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Instructions for Building and Repairing Motorized Bicycle Engine Kits Classic posts on building, repairing and modifications.

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Old 01-12-2009, 06:46 AM
Bikeguy Joe Bikeguy Joe is offline
Godfather of Motorized Bicycles
Join Date: Jan 2008
Location: up north now
Posts: 11,531
Default Thought and Observations- Vibrations.

If you experience vibrations, here are a few things you can do.

Make sure when you mount your engine (particularly in a cruiser type frame) that the REAR motor mount is square to the seatpost tube. I have noticed that if you compromise and mount the engine so it "looks about right" a lot of times the mounts actually sit on the tubing (from and rear) at a slight angle. This causes a sharp edge of the mounting surface to butt up against the tubing, causing wear and "fretting".

Use something like PC-7 to "bed in" the mount area, to fill the gap where the front mount is on the front tube. Mix it up (or any "putty type" epoxy) and put it on the mount, wrap the tube in plastic wrap, and install the engine. Don't tighten it very much, just enough to get some of the epoxy to sqeeze out. Let it set up and then remove the engine, plastic wrap, and then remount it.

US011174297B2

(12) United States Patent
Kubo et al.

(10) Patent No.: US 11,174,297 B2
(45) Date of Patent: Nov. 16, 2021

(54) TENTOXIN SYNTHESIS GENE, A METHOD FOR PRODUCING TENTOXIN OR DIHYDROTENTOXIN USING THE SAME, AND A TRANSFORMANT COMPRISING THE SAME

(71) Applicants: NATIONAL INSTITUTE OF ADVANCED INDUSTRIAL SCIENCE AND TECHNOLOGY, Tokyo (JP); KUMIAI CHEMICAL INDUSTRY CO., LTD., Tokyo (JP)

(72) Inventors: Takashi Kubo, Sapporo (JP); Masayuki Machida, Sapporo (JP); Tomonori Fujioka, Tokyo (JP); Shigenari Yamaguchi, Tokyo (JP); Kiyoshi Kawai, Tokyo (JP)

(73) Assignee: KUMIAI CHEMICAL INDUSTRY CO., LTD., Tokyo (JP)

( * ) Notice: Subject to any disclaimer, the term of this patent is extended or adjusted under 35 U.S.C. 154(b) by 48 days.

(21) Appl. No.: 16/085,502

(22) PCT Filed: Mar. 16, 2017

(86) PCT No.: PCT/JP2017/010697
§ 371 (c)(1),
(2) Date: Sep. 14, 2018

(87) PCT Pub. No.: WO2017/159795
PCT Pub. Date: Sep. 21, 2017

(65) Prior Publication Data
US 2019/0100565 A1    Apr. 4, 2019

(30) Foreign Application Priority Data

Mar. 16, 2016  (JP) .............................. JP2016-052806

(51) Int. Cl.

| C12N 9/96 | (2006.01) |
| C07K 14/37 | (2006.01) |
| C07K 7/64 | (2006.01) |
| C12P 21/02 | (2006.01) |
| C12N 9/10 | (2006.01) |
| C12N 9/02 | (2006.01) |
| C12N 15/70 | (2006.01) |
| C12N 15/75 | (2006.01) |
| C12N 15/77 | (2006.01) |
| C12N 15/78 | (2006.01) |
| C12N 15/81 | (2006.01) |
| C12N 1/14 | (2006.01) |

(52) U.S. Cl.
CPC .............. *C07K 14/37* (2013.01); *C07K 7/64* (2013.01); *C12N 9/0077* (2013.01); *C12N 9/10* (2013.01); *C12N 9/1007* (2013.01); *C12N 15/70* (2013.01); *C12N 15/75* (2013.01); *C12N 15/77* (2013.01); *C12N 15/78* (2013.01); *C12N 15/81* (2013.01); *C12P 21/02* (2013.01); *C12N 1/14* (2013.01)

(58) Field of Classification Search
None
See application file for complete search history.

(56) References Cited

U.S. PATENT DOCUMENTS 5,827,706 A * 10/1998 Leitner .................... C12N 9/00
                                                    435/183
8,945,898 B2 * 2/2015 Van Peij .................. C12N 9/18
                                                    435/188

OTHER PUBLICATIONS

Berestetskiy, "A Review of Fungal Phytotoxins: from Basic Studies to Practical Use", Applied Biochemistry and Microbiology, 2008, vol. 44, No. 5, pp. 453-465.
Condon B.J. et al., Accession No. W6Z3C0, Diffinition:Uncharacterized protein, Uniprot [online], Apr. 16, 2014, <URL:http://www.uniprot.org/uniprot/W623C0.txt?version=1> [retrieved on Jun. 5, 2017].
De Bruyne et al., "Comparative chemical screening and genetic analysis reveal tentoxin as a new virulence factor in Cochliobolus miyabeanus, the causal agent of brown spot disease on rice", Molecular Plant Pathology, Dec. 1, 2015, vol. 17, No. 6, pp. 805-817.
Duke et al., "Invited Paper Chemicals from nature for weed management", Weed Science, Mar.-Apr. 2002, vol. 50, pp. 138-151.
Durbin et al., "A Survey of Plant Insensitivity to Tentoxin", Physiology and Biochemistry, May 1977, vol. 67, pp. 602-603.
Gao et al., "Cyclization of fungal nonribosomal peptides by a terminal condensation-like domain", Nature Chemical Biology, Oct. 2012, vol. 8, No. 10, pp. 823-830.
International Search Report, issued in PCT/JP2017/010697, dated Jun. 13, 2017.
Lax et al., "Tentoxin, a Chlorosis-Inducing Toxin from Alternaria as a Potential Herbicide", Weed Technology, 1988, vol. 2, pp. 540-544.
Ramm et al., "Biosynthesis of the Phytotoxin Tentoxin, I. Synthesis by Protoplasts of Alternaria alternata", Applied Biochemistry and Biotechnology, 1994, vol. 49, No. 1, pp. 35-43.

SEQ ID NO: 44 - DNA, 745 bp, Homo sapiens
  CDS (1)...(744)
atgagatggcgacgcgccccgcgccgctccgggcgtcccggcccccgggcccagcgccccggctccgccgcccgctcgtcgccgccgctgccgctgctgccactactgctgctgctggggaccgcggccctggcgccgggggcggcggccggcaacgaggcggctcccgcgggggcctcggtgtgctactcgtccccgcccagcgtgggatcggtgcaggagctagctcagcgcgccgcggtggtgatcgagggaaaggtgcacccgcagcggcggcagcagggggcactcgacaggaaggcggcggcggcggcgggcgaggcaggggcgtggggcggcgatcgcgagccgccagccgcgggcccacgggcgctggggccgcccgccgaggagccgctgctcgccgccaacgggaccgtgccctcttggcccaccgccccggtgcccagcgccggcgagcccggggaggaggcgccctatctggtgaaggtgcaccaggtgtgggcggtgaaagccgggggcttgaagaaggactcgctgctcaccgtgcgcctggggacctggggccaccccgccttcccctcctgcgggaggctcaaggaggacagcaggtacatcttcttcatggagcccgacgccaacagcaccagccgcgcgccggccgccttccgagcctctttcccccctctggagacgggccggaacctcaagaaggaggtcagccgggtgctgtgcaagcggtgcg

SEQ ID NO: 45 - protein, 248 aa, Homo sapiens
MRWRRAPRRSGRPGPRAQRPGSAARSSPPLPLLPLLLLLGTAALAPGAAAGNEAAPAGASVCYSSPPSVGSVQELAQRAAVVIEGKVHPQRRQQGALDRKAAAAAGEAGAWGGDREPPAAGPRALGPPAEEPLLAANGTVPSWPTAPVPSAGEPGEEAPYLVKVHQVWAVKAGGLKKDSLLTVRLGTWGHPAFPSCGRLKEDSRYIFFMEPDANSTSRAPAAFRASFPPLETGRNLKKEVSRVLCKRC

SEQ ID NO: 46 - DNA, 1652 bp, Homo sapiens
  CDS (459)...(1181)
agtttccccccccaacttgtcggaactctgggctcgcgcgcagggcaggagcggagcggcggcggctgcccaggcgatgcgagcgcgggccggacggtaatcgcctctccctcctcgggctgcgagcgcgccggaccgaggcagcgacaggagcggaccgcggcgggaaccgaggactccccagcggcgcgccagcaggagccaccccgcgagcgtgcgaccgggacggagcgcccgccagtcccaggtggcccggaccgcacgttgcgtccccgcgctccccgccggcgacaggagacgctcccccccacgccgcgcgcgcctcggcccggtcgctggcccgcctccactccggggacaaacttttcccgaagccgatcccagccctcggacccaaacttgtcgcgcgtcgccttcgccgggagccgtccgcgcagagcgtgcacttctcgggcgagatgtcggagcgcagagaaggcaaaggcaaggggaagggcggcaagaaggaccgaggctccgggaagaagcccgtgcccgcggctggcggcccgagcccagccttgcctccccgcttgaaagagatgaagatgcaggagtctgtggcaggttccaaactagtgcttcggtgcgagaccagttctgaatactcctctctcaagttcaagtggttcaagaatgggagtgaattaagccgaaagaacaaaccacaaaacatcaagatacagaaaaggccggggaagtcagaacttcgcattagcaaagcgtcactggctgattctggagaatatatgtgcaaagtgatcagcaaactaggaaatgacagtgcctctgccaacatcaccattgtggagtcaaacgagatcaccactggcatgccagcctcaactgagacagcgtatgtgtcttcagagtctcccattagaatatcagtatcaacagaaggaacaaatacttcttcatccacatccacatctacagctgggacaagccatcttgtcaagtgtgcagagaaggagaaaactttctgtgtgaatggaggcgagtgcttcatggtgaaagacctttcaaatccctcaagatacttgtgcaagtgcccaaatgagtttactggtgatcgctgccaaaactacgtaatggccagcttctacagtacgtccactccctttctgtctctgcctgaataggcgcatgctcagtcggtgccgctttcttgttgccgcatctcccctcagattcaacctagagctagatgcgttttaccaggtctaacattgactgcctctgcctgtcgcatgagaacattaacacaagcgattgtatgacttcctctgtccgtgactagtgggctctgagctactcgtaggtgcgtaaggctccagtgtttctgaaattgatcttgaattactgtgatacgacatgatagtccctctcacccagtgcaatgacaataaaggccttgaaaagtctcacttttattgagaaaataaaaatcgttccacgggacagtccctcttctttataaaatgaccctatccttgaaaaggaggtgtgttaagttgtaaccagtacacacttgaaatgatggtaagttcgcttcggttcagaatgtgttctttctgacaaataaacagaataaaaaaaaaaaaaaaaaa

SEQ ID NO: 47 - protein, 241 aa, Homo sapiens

I use this technique and go one step further by placing a sheet of lead between the PC-7 and the tubing, and again between the "U" shaped "clamp" and the tubing- front and rear....MMMMMmmm smooooth.

Some folks use a rubber material in the space I'm talking about, but it only works for awhile, then is cut through by the mis matched parts, or worse, if it's too soft a compound, it worsens vibrations.

For bar vibration, if you have a gun shop near you, get some lead shot (doesn't really matter what size) and fill you bars with it, works great, cost a little though. If you want to go nuts and have access, fill all the tubes of your bike with lead shot.

Make sure your chain is not too tight, it make the bike vibrate if it is, and so does an untrue sprocket.

I personally have found that using thick weatherstripping on the underside of the fenders (if you use 'em) and the inside of the chaingard also helps to stop vibrations and noise very effectively. Clean your surfaces with rubbing or denatured alcohol before you stick on the weatherstrip.

Finally, balance your wheels, you would be surprised at how much "vibration" comes from untrue and un balanced wheels.

Thanks for listening,

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